A small but growing number of Georgia archaeologists and history buffs are starting to use high-tech gear, ground-penetrating radar, metal detectors, new software programs and detective-style techniques to detail with amazing precision what happened when U.S. Gen. William T. Sherman made good on his promise to “make Georgia howl.”
Decades ago, archaeology was about spades, notebooks and educated guesses. You found a field where you thought something might have been, and you dug pits. Trying to piece together what happened on a battlefield for several hours of one day more than a century ago seemed preposterous.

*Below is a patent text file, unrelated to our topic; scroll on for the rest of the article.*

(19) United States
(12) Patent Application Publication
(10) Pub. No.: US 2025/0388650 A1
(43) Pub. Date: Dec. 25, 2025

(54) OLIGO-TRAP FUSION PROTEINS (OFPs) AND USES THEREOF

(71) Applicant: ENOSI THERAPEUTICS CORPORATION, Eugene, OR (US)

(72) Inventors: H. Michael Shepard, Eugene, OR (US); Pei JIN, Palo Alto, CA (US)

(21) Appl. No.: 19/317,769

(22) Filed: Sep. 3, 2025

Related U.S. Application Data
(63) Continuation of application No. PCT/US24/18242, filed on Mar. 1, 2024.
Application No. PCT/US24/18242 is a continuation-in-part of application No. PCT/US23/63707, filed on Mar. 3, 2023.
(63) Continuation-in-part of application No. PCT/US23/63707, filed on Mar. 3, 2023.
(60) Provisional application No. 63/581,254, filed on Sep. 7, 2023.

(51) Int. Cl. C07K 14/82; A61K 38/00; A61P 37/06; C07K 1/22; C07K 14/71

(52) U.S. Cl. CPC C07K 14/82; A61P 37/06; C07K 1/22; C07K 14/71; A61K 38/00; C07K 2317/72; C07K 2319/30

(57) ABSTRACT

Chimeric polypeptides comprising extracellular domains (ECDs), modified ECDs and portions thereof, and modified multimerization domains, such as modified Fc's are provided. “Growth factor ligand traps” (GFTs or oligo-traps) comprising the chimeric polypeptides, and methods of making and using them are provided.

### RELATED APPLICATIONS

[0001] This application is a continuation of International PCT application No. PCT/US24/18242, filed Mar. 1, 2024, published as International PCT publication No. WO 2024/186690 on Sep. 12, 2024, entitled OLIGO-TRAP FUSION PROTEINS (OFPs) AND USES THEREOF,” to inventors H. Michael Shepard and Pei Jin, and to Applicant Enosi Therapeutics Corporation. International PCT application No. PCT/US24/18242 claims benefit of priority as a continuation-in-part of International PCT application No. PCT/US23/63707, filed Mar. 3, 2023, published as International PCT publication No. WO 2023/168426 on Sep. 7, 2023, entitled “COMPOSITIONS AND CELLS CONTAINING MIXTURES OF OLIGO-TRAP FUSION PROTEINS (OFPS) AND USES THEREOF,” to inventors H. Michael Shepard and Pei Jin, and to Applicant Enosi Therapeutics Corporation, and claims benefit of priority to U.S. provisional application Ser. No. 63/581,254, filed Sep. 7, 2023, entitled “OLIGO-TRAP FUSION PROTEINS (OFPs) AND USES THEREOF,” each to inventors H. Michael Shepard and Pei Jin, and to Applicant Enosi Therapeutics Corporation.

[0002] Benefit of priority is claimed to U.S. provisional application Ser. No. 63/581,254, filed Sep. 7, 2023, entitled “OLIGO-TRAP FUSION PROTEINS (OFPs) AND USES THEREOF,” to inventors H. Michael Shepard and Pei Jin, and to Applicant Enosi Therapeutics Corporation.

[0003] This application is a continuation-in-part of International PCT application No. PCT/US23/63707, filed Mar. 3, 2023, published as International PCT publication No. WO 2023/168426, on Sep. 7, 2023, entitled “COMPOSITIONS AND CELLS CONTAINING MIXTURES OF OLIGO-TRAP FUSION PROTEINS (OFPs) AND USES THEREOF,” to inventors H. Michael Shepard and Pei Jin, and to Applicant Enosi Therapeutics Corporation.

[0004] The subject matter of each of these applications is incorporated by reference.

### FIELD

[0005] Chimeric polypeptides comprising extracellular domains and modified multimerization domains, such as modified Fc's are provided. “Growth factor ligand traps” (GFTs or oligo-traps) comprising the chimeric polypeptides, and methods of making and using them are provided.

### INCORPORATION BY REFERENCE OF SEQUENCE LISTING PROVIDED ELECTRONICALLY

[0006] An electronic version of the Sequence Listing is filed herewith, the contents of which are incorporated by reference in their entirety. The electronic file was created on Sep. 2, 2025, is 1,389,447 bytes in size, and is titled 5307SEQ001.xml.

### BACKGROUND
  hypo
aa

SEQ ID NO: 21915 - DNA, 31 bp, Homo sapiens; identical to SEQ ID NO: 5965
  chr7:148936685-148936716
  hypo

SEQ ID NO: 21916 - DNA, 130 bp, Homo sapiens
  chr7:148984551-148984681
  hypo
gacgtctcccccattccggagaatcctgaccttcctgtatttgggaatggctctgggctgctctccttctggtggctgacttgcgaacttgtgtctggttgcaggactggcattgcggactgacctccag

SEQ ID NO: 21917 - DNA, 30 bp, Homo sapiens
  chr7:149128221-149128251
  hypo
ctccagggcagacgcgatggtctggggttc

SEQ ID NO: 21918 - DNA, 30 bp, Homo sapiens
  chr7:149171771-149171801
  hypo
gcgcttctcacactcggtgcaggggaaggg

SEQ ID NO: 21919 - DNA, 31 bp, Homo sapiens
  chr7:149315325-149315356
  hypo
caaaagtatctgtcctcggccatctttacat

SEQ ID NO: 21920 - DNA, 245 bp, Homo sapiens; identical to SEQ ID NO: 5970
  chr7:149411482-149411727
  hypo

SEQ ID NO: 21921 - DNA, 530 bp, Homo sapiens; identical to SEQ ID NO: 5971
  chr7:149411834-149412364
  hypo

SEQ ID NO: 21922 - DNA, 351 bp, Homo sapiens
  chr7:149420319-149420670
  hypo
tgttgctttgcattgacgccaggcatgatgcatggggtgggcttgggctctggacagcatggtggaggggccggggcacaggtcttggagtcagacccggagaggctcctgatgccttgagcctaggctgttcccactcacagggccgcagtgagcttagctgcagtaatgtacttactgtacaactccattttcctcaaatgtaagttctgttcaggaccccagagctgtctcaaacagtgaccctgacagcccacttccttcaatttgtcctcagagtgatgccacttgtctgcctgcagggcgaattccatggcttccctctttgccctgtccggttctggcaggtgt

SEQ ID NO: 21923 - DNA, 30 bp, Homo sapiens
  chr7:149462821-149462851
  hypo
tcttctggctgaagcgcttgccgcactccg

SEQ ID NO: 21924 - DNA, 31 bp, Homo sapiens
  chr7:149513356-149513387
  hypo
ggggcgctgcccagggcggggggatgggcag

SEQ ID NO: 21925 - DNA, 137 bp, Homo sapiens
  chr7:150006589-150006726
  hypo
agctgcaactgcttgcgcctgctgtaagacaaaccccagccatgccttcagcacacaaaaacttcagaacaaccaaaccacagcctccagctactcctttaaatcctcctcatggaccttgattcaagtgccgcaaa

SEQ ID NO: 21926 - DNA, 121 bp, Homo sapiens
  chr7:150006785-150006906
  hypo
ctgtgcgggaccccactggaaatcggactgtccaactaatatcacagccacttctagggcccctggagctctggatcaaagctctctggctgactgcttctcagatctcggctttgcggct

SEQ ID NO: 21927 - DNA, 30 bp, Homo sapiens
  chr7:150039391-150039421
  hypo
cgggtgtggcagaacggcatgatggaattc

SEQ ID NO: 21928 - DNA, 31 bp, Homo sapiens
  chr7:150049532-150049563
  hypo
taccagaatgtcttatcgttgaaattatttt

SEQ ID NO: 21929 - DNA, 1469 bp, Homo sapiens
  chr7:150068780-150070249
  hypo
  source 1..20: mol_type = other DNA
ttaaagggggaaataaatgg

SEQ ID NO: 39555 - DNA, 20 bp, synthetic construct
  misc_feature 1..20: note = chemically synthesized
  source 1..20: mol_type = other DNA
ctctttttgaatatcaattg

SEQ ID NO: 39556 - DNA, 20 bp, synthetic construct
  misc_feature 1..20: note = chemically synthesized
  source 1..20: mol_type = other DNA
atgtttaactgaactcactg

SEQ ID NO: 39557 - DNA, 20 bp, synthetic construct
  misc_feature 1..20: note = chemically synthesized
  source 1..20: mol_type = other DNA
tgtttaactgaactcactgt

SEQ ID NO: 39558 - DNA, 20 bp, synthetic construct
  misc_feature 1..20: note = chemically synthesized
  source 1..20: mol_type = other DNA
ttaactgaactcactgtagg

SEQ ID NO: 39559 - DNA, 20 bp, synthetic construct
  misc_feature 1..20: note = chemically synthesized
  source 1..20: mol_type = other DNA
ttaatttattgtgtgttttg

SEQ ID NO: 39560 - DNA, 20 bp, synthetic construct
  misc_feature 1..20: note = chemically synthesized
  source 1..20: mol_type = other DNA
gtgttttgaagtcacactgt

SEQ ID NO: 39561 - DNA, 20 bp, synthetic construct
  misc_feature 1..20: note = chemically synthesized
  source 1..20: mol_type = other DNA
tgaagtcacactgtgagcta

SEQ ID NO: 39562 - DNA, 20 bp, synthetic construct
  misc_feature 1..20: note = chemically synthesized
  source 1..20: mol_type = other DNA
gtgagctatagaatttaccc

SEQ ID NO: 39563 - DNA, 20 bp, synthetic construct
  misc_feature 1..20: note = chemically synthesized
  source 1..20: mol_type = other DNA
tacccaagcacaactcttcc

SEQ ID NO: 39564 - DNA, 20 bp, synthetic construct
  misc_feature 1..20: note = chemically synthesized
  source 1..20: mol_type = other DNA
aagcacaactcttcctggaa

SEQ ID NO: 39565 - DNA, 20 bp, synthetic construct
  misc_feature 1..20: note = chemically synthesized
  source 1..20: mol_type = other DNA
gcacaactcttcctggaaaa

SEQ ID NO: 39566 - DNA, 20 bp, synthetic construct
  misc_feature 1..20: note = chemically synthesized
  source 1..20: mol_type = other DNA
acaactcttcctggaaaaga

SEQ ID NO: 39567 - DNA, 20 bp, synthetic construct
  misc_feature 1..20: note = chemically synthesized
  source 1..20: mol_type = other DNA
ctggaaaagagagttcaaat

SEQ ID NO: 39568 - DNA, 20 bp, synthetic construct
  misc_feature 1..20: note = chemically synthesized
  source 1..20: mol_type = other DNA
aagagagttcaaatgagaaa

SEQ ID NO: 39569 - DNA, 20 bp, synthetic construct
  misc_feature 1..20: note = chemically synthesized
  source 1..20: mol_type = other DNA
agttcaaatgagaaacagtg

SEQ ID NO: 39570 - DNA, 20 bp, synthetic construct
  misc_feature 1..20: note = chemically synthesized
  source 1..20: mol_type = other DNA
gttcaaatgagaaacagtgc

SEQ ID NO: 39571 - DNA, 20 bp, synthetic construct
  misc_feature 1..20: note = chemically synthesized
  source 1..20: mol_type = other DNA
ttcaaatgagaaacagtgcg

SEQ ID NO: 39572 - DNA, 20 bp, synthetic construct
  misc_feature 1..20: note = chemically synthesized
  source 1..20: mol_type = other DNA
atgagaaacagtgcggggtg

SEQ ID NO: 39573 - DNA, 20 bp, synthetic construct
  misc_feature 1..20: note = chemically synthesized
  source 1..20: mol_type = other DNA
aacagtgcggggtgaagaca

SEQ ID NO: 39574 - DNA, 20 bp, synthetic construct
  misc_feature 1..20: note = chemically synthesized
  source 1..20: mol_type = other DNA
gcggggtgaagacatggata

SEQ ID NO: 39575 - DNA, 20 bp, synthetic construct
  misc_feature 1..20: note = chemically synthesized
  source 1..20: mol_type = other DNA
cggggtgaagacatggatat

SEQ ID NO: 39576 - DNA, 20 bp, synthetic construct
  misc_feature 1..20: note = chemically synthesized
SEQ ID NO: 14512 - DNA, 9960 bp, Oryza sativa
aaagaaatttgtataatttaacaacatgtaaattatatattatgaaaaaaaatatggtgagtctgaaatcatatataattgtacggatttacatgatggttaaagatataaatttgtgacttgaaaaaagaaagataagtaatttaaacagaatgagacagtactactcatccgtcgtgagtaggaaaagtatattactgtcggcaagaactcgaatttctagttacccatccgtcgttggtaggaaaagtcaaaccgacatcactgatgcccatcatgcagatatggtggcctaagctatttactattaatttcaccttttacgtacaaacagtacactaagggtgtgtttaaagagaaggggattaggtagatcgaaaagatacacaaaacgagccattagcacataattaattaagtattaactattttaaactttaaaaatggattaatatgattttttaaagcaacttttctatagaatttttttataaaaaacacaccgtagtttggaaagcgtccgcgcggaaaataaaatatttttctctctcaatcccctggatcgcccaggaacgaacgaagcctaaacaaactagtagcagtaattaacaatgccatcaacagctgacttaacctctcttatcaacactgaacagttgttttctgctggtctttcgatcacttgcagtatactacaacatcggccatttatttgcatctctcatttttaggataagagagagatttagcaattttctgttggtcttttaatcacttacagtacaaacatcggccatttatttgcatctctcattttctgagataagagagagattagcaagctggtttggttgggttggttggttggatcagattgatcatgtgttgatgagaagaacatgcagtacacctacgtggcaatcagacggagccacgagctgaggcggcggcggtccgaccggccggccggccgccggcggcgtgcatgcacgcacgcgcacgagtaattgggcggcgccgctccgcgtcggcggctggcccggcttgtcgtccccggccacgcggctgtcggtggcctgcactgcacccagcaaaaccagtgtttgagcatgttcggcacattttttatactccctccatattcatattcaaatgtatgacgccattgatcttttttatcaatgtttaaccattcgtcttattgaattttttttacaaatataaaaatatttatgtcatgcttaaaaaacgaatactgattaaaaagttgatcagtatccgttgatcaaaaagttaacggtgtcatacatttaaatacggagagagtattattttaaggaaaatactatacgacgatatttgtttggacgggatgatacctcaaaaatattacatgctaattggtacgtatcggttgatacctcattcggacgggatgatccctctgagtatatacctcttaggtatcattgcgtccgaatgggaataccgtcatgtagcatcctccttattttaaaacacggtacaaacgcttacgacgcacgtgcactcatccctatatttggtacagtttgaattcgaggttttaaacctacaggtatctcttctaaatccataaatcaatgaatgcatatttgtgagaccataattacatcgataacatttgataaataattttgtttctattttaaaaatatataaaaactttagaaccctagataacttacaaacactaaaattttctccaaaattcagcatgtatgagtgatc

This was especially true in metro Atlanta, where bulldozers have been working overtime for decades. But now this loose group of experts call them Civil War CSI are on the case. They still use historical records and spades, but they also use a whole lot more.